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Why 1/1/1970 bricks your iPhone

Really? Another extremely dangerous bug, Apple? Come on. It was probably an accident, but no one has this many accidents in a row. Remember when on a Mac you could type "root" as username with no password and hit "Enter" twice to gain root access? Remember the time when a Mac requested you for an admin username and password, it would show the actual password for the password hint? Remember when you could just ask Siri to open Photos (or any other app, including Settings) from the lock screen without entering the passcode?

Now, setting your iPhone's date to January 1st, 1970 renders it completely unbootable. If you restart it, it will show an Apple logo and stay there, even if you connect it to a computer with iTunes installed.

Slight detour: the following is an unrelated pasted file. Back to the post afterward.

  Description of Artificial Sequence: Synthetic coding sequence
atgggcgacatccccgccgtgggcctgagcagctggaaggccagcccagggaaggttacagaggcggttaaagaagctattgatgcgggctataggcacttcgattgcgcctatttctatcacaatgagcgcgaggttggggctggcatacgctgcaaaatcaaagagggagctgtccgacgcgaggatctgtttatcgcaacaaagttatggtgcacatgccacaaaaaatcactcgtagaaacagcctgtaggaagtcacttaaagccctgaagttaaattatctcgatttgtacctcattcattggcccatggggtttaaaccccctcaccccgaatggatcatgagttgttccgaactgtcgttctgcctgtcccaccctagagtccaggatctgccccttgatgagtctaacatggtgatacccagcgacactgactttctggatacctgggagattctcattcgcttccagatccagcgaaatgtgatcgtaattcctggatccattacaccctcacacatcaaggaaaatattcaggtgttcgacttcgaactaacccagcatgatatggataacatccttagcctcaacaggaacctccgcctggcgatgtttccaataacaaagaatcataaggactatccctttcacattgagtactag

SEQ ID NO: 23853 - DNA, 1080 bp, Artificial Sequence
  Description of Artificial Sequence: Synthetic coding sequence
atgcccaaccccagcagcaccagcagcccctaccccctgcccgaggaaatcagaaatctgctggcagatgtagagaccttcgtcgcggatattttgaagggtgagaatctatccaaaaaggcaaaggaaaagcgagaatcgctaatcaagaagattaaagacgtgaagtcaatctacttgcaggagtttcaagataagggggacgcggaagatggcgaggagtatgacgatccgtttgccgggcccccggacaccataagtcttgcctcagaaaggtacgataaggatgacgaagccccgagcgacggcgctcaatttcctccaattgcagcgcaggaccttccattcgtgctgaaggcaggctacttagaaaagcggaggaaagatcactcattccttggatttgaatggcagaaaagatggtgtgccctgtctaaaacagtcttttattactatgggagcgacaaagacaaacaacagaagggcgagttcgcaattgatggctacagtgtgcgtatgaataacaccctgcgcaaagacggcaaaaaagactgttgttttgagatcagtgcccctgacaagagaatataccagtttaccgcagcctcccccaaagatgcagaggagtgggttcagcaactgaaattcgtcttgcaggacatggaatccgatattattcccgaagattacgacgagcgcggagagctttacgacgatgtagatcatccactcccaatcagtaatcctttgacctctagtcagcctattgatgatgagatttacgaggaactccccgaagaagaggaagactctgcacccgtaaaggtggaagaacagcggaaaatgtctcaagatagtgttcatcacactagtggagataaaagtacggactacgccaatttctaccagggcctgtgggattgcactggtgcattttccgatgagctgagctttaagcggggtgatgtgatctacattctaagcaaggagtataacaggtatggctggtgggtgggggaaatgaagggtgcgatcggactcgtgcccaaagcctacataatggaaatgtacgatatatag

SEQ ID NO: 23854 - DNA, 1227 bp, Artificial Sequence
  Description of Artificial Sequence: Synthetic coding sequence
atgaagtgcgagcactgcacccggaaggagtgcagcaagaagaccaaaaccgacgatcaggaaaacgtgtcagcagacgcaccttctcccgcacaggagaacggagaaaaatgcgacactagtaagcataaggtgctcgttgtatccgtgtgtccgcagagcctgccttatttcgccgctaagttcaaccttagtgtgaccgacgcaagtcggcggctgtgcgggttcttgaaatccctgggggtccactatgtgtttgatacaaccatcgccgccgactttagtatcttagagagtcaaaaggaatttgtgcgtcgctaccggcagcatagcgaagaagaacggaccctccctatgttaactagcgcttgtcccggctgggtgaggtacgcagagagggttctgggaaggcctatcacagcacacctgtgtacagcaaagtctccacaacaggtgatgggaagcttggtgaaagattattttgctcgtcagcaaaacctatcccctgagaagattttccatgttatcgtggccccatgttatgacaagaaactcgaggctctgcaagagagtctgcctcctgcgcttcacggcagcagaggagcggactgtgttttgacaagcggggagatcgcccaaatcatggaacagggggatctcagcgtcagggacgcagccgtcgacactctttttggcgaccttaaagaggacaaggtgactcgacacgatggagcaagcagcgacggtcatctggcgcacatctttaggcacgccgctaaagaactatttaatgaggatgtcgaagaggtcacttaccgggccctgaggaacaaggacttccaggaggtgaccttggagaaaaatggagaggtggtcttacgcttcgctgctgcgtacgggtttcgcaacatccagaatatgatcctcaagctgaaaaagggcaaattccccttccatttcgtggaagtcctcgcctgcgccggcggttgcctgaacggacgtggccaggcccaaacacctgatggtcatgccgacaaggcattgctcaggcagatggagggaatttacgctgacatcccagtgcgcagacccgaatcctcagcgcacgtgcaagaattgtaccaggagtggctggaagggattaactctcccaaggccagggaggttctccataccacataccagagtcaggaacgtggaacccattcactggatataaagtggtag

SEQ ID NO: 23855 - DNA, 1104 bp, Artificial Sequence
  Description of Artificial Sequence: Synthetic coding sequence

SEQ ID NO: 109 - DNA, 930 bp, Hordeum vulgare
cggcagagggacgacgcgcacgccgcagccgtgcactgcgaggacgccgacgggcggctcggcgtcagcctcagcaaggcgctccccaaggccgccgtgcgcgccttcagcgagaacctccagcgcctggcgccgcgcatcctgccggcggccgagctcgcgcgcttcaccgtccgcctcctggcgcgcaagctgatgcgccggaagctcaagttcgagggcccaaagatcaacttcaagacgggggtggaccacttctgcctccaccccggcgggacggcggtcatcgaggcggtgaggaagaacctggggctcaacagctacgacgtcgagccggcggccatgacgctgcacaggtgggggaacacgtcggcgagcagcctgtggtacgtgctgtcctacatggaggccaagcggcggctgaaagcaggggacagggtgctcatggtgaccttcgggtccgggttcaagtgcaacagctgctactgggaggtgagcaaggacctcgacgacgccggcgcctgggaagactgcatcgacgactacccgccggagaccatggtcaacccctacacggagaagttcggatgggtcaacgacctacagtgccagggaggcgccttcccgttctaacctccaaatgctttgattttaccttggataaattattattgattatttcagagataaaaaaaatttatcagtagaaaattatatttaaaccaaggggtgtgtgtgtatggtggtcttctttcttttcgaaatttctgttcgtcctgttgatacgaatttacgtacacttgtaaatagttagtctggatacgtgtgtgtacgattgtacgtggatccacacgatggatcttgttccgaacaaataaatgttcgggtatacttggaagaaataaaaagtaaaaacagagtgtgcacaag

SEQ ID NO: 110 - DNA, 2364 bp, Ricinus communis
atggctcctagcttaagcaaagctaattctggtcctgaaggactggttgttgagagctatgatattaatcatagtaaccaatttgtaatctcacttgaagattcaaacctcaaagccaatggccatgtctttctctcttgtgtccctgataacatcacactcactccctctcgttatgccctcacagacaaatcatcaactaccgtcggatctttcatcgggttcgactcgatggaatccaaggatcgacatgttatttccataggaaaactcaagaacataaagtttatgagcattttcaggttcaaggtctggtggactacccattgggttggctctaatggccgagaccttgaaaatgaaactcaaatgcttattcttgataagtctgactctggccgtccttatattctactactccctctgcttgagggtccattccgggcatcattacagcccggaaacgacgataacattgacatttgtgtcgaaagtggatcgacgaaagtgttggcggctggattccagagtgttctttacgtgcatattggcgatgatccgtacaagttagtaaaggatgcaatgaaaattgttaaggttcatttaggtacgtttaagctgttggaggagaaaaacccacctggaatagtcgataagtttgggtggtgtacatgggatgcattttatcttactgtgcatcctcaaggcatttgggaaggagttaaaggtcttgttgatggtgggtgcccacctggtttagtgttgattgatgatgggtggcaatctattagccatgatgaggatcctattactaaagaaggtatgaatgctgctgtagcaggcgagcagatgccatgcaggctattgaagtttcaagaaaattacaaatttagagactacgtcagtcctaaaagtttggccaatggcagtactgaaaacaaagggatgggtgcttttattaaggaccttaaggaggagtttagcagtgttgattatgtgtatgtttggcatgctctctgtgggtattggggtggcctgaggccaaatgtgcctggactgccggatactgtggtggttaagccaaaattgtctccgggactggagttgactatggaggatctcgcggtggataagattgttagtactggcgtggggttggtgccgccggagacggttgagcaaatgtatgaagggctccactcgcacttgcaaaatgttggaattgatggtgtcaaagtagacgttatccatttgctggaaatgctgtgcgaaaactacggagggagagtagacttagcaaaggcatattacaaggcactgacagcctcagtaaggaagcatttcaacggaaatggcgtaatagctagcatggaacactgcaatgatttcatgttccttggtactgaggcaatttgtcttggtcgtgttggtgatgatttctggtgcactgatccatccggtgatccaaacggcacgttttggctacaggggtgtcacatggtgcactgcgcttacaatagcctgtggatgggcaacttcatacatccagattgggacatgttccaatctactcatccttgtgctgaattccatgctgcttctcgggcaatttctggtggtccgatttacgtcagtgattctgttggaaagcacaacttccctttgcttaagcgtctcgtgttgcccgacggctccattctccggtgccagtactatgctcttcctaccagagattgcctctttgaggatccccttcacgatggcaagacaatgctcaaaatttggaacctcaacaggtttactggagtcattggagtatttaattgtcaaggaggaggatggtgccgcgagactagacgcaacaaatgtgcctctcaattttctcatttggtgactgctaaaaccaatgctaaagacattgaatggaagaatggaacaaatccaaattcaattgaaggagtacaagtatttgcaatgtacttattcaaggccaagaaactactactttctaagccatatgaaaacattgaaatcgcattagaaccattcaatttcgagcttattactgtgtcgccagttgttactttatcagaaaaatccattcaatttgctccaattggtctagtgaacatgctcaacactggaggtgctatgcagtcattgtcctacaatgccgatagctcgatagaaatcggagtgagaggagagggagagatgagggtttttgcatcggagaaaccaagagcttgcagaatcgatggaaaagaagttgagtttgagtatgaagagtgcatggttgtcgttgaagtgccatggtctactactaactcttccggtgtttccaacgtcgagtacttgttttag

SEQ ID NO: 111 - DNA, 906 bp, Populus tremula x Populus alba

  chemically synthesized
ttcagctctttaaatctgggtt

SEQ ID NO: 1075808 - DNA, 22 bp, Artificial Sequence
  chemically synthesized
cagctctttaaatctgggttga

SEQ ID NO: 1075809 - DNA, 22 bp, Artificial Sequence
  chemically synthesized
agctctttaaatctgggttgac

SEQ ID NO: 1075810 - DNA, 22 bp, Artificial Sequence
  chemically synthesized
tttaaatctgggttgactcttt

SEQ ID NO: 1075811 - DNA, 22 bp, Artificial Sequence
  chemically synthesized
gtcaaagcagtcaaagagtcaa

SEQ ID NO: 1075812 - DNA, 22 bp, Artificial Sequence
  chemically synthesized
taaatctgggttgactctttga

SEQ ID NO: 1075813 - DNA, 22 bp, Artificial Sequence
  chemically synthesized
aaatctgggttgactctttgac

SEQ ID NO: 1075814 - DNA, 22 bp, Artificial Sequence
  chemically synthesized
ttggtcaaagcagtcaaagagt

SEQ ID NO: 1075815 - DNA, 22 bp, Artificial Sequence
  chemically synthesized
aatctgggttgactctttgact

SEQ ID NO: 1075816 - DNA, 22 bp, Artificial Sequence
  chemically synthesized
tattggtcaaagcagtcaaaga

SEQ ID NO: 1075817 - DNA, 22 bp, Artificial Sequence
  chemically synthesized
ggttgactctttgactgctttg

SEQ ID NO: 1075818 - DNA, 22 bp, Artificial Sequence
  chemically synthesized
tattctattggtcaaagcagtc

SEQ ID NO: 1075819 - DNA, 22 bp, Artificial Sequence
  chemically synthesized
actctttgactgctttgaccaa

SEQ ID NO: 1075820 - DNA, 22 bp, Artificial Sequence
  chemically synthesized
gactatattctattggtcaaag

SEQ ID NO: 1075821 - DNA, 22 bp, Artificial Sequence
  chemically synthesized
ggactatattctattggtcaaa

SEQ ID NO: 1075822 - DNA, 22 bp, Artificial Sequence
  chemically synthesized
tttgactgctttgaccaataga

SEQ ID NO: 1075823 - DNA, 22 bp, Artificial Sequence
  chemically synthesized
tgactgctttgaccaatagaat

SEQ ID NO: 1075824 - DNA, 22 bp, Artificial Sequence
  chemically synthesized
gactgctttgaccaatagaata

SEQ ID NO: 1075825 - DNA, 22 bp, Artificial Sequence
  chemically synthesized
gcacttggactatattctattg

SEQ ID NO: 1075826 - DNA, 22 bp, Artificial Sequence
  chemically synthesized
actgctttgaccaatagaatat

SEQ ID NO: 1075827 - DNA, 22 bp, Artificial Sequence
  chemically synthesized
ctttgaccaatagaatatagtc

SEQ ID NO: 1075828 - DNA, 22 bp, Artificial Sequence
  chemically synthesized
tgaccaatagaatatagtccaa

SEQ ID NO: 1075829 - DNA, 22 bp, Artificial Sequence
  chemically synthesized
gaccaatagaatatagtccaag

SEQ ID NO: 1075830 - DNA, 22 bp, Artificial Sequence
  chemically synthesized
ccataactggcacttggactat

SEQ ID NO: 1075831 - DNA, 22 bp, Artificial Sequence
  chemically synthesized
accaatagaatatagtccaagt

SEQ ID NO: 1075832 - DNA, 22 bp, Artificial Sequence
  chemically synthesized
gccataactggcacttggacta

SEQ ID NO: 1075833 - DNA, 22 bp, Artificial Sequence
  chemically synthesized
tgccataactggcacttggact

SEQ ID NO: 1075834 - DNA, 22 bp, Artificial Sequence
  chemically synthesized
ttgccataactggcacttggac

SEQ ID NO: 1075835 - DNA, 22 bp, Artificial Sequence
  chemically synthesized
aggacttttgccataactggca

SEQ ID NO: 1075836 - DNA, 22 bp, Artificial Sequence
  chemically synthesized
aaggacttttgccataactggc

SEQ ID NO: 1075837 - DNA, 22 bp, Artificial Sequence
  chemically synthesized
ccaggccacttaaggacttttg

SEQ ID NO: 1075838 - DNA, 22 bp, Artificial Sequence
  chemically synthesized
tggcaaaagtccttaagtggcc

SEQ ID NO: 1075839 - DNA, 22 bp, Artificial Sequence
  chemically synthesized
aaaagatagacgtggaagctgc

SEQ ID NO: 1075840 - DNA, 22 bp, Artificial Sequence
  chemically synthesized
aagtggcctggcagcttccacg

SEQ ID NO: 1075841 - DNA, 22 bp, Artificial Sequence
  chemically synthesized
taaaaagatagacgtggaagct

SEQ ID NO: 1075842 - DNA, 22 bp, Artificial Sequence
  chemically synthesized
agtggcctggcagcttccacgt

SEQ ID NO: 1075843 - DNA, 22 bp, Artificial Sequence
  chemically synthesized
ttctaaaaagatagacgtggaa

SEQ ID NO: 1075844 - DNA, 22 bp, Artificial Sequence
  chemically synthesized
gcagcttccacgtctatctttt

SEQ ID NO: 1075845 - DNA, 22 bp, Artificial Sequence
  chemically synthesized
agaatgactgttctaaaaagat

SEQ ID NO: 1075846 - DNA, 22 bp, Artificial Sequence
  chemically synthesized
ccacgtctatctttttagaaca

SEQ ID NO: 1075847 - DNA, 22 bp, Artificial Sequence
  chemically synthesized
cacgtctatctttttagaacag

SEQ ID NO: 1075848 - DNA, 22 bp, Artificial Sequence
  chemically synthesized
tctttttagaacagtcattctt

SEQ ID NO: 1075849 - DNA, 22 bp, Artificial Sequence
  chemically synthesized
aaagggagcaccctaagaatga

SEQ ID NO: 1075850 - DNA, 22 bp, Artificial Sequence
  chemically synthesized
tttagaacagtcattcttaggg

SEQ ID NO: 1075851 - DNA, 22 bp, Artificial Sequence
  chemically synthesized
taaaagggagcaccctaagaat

This is because dates are stored as 64-bit signed integers - the amount of seconds from January 1, 1970. This is called Unix time (see the current Unix time). The minimum value for Unix time is obviously 0 (00:00:00 UTC on Jan 1, 1970). Somewhere in the code that runs when iOS boots is a check for a date before the current date. If the current date is 0 (Unix timestamp ), then the system reverts to the maximum value. To make this clearer, imagine a hypothetical Unix-time-like x-bit system that can store 10 possible values, 0 to 9. If right now was 3 seconds, ticking back would result in 3, 2, 1, 0, 9, 8, 7, etc. (9 is the maximum value possible for the x-bit system). In the case of Unix time, the maximum time possible is much, much older than the age of the universe! This obviously prevents a successful boot.

Lesson of the story: Don't do random things like setting your date to a time in 1970. You might turn your phone into a shiny doorstop brick with questionable value.